July 19: "The Girl Most Likely"
Kristen Wiig has her first post-"Bridesmaids" starring role in "The Girl Most Likely." Her character pretends to commit suicide to get a guy's attention, but the move backfires and lands her back at home with her mother (Annette Bening). "It's a comedy with an underpinning of real emotion, because this character is a hot mess and falling apart at the seams," co-director Shari Springer Berman said. "But it's Kristen, so you love her. Kristen can do anything."
July 26: "The Wolverine"
Hugh Jackman is back for another round as Logan in "The Wolverine," in what should be a stand-alone film within the" X-Men" series (hopefully erasing any bad memories leftover from "X-Men Origins: Wolverine.") This time, the story is from Chris Claremont and Frank Miller's 1982 comic series, so Logan is in Japan, where he meets up with a man he'd saved from a POW camp during World War II. Logan's lived a long time, but his friend offers him a way out: to make him mortal. In his way are Viper and Silver Samurai, the Yakuza and members of the Japanese criminal underworld.
August 2: "The Spectacular Now," "2 Guns"
An indie teen coming-of-age story ("Spectacular Now") starring Shailene Woodley and Miles Teller is no box office match against "2 Guns," but it'll remind audiences of John Hughes films that they love -- and make Teller a break-out star.
In the meantime, Mark Wahlberg teams up with Denzel Washington (and re-teams with his "Contraband" director Baltasar Kormákur) for "2 Guns," in which a DEA agent and a naval intelligence officer are forced to work undercover together as members of a narcotics syndicate, but neither one knows the other is also a federal agent. When they discover the truth about each other, they have to go on the run -- together.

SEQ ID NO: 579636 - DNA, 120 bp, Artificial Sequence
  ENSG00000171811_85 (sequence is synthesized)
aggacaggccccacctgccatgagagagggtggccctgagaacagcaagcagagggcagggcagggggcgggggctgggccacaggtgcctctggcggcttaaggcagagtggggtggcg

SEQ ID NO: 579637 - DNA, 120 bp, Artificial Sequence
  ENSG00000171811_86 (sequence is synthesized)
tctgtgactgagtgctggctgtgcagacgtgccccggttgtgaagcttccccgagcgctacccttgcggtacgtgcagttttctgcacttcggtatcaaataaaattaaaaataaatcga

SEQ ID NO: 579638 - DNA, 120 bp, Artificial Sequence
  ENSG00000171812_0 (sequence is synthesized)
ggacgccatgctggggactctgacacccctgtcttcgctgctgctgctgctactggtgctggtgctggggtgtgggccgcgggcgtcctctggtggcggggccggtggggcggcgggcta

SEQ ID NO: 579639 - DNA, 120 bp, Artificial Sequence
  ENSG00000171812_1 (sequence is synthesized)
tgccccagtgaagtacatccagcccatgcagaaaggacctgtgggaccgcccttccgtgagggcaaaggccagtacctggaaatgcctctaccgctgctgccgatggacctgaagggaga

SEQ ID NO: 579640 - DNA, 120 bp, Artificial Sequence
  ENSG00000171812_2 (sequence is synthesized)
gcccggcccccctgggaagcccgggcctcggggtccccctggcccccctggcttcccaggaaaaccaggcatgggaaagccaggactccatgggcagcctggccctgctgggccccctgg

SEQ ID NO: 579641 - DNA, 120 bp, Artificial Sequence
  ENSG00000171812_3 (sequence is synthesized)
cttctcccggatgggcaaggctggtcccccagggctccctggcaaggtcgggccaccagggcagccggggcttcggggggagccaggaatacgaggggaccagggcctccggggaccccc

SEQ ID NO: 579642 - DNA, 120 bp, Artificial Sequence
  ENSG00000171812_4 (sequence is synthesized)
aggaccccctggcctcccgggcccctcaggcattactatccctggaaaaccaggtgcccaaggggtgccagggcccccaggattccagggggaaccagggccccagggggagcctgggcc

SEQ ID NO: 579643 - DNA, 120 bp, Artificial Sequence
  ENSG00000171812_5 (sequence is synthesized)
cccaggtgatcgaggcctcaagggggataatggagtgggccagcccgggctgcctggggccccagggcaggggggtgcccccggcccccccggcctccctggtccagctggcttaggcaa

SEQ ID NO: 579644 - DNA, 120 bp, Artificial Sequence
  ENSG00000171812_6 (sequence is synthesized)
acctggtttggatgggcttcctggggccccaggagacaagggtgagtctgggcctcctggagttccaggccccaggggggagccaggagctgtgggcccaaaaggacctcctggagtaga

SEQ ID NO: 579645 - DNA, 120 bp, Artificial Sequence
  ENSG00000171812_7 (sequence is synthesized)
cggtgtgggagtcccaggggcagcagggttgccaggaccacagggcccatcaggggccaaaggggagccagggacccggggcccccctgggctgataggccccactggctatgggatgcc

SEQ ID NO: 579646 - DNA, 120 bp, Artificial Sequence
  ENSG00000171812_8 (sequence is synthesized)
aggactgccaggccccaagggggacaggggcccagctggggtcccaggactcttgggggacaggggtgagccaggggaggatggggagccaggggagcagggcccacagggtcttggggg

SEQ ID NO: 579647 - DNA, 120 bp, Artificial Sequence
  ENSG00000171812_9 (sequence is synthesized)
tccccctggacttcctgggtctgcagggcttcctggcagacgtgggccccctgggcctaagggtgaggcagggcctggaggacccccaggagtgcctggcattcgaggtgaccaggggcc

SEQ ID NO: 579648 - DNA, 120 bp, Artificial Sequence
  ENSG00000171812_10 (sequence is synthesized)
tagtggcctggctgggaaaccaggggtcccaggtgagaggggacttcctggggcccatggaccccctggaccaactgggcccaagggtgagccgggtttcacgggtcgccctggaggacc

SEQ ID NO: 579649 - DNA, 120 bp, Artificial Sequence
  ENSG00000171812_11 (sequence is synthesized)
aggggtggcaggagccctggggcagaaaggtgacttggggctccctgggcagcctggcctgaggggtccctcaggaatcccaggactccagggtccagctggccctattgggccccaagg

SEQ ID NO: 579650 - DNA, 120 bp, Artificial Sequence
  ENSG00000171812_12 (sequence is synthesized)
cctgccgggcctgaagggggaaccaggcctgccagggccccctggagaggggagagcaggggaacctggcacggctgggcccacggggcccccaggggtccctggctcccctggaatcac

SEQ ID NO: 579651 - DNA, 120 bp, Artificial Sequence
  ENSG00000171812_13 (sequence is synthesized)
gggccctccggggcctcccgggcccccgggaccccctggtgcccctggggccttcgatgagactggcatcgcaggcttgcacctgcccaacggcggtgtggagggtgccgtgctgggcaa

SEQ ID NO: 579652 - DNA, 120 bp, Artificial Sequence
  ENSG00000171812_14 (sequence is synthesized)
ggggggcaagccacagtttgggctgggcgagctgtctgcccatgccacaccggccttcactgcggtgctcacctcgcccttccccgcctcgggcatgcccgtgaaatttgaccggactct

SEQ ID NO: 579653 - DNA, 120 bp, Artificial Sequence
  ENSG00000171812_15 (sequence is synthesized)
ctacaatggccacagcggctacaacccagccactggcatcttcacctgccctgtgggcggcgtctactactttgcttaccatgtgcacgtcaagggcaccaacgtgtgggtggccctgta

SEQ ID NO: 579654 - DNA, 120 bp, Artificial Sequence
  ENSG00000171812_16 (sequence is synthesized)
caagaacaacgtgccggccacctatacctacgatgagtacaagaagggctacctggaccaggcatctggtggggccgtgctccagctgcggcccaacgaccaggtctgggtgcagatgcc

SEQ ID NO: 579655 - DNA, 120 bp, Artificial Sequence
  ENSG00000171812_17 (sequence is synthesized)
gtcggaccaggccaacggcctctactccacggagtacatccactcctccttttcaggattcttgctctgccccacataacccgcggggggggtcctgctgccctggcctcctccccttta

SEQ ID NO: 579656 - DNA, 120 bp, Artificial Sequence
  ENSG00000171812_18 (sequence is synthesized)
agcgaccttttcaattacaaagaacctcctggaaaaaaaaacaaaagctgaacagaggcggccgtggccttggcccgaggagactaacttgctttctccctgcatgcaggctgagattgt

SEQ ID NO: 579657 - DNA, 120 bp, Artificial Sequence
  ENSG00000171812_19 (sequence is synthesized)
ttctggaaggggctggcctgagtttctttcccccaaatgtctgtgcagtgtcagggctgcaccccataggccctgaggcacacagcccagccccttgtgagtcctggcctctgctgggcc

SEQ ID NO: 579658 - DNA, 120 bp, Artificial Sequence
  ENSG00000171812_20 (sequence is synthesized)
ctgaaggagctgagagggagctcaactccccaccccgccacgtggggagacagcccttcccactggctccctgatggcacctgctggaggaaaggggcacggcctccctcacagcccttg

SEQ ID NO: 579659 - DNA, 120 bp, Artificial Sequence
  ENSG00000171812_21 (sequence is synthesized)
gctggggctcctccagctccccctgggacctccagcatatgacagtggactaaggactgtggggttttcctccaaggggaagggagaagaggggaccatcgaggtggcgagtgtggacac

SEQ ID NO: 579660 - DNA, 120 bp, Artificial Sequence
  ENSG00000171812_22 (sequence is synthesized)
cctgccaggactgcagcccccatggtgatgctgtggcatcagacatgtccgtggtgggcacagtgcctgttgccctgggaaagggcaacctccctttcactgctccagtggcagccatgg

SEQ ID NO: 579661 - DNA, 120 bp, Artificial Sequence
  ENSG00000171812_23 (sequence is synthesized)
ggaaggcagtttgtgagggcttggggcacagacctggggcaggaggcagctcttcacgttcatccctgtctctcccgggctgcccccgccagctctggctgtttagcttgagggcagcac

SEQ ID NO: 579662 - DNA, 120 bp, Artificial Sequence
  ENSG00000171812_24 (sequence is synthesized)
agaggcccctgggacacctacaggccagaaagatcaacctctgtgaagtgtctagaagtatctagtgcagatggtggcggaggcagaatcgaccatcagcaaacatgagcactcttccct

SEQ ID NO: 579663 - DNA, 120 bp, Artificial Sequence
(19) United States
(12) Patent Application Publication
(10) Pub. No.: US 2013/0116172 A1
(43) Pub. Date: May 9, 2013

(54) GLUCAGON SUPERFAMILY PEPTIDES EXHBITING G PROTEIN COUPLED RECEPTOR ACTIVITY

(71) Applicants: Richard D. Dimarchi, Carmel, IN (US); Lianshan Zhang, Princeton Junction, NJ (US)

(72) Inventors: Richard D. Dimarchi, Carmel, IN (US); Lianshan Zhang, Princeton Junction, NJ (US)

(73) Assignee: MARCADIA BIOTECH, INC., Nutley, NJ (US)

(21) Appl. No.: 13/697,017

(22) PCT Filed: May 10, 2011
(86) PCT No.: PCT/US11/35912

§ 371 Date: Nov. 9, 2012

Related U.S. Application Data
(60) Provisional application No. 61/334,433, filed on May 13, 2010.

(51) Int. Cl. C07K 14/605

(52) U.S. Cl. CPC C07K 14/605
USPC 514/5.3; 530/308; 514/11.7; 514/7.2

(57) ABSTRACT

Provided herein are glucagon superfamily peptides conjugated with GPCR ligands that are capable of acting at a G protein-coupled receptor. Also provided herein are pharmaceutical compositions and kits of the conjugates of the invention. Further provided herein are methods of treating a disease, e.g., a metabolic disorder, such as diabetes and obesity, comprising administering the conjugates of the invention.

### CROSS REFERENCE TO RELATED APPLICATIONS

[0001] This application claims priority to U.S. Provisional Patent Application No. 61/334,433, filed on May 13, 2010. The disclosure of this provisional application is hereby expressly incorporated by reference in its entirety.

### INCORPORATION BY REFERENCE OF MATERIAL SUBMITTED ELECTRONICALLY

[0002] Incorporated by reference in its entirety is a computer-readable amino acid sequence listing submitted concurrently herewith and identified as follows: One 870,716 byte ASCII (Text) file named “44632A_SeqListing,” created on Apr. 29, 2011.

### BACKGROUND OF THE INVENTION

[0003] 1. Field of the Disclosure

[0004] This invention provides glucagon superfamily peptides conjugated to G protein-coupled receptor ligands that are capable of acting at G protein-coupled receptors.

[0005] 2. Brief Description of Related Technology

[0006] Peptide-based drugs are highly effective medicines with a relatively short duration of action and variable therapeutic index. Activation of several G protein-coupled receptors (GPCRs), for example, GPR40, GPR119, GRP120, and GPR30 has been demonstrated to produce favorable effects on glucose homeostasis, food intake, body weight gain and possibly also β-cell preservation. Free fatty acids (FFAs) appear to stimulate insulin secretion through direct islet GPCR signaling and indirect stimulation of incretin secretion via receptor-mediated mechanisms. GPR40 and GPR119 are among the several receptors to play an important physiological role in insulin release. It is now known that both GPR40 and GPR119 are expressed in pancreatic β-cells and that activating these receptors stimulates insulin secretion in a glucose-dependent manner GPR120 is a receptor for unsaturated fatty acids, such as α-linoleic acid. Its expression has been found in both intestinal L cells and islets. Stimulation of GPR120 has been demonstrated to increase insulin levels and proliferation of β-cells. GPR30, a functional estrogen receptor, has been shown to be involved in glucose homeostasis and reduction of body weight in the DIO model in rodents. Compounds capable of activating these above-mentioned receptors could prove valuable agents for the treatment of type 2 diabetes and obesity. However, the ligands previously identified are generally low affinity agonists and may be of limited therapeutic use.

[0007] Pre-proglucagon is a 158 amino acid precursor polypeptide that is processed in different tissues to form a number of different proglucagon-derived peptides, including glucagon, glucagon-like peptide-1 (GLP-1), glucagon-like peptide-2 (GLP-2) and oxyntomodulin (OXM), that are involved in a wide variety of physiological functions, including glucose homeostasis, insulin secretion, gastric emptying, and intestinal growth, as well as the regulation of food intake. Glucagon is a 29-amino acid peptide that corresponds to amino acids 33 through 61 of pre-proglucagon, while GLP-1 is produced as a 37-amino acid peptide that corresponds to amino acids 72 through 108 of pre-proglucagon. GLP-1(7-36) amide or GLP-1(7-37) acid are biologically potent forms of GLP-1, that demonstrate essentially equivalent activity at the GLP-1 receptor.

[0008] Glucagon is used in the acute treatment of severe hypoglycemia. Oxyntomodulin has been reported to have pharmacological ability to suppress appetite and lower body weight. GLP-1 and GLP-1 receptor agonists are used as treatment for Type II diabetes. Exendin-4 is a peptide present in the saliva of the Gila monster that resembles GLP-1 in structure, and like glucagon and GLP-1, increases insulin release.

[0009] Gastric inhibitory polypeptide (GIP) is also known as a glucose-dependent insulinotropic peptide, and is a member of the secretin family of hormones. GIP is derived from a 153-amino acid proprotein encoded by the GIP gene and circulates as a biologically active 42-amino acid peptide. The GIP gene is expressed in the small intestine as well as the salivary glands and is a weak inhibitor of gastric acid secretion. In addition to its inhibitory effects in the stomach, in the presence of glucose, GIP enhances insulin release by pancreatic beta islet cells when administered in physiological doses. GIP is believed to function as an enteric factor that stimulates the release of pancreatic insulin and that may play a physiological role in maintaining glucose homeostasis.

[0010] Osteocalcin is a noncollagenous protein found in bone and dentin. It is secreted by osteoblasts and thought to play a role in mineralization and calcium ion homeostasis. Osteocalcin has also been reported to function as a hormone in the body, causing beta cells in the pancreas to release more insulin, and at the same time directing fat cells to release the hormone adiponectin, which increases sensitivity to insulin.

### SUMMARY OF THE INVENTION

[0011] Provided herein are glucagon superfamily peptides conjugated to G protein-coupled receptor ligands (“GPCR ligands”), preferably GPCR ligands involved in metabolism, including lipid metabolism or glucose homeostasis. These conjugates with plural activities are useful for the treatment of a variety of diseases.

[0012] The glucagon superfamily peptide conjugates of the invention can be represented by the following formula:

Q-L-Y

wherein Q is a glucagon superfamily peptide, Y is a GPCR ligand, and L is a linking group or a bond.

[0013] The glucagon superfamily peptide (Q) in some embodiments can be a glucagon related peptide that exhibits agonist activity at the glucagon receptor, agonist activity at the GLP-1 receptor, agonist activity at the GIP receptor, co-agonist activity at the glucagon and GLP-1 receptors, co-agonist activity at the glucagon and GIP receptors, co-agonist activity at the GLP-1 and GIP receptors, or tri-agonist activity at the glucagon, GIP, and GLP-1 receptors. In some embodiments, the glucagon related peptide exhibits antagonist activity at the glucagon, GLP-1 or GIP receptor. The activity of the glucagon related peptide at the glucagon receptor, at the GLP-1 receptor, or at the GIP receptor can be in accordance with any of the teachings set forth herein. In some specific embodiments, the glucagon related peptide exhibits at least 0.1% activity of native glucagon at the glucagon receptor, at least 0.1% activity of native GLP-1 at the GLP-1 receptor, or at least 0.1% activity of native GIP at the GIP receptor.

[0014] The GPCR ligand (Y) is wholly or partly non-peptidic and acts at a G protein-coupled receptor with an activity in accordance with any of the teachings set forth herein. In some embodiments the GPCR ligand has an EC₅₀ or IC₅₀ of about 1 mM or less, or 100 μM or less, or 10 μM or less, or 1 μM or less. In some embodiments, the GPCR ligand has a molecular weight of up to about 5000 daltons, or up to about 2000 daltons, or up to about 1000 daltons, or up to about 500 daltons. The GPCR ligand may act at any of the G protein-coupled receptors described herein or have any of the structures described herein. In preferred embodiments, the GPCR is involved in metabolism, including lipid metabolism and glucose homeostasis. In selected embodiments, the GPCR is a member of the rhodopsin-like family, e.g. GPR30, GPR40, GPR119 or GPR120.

August 9: "Elysium"
A little more high-concept is the much-anticipated sci-fi film "Elysium," starring Matt Damon and Jodie Foster and directed by "District 9"'s Neill Blomkamp, about the wealthy living on a space station while the impoverished live on a polluted planet. "It's not a sequel; it's not a franchise," Foster said at San Diego Comic-Con. "This is completely original, and it has a real sociopolitical relevance. It's about all sorts of things that matter to me, plus beautiful gut-wrenching explosions."
August 16: "Austenland"
In a summer filled with "gut-wrenching explosions," "Austenland" offers a respite for those looking for something more gentile. Keri Russell plays a mega-Jane Austen fan who spends her life's savings for a weekend getaway at a spot that promises to re-create life as portrayed in such classics as "Pride and Prejudice" and "Sense and Sensibility." She's hoping to find her own Mr. Darcy, but fantasy and reality collide in this comedy about role-playing romance, also featuring "Flight of the Conchords" star Bret McKenzie.
August 23: "The World's End"
Edgar Wright ("Shaun of the Dead," "Hot Fuzz") completes his Simon Pegg-Nick Frost trilogy with "The World's End." A group of friends (including Pegg, Frost, Martin Freeman, Paddy Considine and Eddie Marsan) want to re-create a classic pub crawl from their youth: 12 pubs in one night, ending at a pub called (what else?) the World's End. On the way, they discover that their hometown has been invaded by aliens! But that won't stop these determined drinkers. "We are going to get to the World's End if it kills us," Pegg vows. We'll probably die laughing.